The band performed the song live and one of the first live recordings captures the moment with the lyrics "Jesus died for someone's sins…" are sung and the audience gets it. Smith had found a home for her poem.

The birth of garage rock

In 1975, the Patti Smith Group was complete. The first album, "Horses," was created with the help of producer and Velvet Underground veteran John Cale. On the cover, Patti appeared almost like an androgynous being with a wild dark mane - slim, delicate, clad in a men's shirt and jacket, and wearing a black ribbon looking like a loose tie.

CD cover Horses by Patti Smith (Arista Usa/Sony Music)

"Horses": One of the most famous album covers in music history

The album contained pure poetry, sometimes loud and uncontrolled, sometimes intense and enchanting. Patti Smith made full use of her voice, implementing melody, rap, recitations, and improvisations.

The rock scene celebrated the album, which was called "the best garage sound album of the 1970s" by the US magazine "Creem." The German magazine "Sounds" praised "the sound fusing rock riffs and language rhythms." And "Horses" made it into the charts as the very first so-called new underground album. The magazine "Rolling Stone" included the disc in its list of 500 best albums of all time.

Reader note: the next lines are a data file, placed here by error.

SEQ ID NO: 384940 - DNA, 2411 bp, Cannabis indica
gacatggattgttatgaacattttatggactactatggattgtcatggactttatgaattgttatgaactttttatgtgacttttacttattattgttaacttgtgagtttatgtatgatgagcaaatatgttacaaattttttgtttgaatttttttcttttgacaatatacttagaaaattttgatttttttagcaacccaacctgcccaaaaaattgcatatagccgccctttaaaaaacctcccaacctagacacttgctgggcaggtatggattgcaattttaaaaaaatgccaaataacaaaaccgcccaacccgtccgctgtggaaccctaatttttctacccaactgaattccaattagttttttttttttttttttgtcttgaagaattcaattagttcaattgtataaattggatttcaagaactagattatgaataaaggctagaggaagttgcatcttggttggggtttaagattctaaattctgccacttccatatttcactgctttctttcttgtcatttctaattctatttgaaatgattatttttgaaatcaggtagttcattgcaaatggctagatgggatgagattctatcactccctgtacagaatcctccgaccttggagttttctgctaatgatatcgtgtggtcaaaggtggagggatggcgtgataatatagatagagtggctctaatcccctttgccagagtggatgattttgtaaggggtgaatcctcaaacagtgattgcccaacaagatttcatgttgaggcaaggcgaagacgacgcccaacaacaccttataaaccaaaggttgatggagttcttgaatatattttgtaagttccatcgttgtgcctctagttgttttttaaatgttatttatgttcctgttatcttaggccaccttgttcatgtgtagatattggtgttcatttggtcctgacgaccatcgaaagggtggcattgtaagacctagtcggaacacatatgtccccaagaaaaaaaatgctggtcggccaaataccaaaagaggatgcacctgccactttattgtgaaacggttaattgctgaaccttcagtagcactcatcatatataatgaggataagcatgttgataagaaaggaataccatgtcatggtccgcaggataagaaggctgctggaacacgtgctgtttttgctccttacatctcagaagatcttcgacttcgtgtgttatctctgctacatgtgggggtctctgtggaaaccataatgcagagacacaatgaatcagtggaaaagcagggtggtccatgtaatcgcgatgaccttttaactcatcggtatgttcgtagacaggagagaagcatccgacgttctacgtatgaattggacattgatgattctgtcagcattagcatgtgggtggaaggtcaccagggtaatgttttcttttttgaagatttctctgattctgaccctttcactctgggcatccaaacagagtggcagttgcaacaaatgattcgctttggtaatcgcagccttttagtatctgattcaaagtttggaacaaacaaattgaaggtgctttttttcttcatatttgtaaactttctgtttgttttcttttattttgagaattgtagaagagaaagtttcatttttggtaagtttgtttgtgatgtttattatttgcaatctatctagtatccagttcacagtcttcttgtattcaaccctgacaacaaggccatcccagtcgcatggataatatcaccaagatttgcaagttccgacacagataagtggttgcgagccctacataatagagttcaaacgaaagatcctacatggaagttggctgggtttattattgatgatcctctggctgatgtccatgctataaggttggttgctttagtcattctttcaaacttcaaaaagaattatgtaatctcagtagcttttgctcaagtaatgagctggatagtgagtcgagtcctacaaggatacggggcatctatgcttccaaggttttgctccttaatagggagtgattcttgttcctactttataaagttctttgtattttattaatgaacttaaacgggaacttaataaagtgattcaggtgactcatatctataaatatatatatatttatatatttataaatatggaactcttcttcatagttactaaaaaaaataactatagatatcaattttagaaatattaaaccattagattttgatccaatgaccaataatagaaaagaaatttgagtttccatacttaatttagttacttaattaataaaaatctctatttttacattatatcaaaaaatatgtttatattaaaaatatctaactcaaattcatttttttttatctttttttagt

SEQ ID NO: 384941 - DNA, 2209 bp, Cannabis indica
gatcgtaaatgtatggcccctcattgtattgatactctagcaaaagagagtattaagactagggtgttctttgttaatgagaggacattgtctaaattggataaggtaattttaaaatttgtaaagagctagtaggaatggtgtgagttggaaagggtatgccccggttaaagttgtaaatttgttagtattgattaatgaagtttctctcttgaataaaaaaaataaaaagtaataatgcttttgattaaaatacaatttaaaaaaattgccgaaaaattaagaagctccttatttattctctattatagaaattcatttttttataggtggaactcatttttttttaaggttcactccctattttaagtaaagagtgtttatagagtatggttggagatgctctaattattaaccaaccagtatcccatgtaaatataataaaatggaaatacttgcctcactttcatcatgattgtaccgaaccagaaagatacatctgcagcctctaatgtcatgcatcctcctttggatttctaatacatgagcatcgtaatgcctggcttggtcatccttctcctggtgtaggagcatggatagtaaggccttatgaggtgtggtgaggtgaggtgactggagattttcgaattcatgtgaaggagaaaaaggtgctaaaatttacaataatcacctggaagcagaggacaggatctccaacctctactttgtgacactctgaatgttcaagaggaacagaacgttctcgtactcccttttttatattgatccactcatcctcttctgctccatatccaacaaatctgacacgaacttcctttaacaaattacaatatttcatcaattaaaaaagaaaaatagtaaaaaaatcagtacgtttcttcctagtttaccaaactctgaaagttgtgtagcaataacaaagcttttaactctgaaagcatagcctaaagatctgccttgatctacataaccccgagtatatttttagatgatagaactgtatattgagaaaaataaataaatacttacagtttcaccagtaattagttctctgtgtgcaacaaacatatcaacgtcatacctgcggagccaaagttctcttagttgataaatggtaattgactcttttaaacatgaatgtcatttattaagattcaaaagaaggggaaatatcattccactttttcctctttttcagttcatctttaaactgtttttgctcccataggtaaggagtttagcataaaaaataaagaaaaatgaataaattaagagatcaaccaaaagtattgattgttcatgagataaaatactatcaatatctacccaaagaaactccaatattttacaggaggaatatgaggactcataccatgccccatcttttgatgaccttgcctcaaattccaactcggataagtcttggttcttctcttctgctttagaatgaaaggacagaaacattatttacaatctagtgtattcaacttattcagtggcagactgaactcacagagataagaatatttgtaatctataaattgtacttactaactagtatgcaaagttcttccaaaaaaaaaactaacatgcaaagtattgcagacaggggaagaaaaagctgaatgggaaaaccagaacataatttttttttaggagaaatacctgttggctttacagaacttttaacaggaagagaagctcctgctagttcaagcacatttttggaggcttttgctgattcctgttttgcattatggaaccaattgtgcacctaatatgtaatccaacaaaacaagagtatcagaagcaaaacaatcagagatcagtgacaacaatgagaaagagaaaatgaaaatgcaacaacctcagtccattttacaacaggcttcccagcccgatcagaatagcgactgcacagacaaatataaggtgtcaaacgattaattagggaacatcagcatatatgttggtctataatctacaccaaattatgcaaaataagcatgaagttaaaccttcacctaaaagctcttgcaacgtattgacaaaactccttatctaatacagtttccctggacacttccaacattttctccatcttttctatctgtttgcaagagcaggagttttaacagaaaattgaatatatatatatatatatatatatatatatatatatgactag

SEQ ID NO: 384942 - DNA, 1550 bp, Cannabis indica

Godmother of Punk?

"Horses" was released contemporaneously with the beginnings of punk in New York. Reacting to Patti Smith's wild performances, the music world put her squarely in the punk box, and even called her the Godmother of Punk. In an interview with BBC, she later said she regretted having been given all kinds of titles, like "princess of piss," or "wild rock 'n' roll mustang."

She also said she and her band were never really punk. And yet, Patti Smith definitely played a key role - at least in US punk. 

The quintessence of Patti's music wasn't anarchism and nihilism, but rather the firm belief that rock 'n' roll could even change the world - just as her rock heroes of the 1960s had demonstrated.

Even today, "Horses" still stands for music that comes from the streets, transports dirt and feelings, and is ruthless, honest, unsparing and uncomfortable. Smith said she speaks to those who are like her - the disenfranchised, the mavericks - and tells them, "Don't lose heart, don't give up."

The Brits who adored their Sex Pistols and the New York Ramones, developed an interest in her. In their view, the music of Patti Smith wasn't punk, but rather "well produced and competently performed rock 'n' roll," as punk expert Charles Shaar Murray wrote in the "New Musical Express" in 1976.

A break after 'Frederick'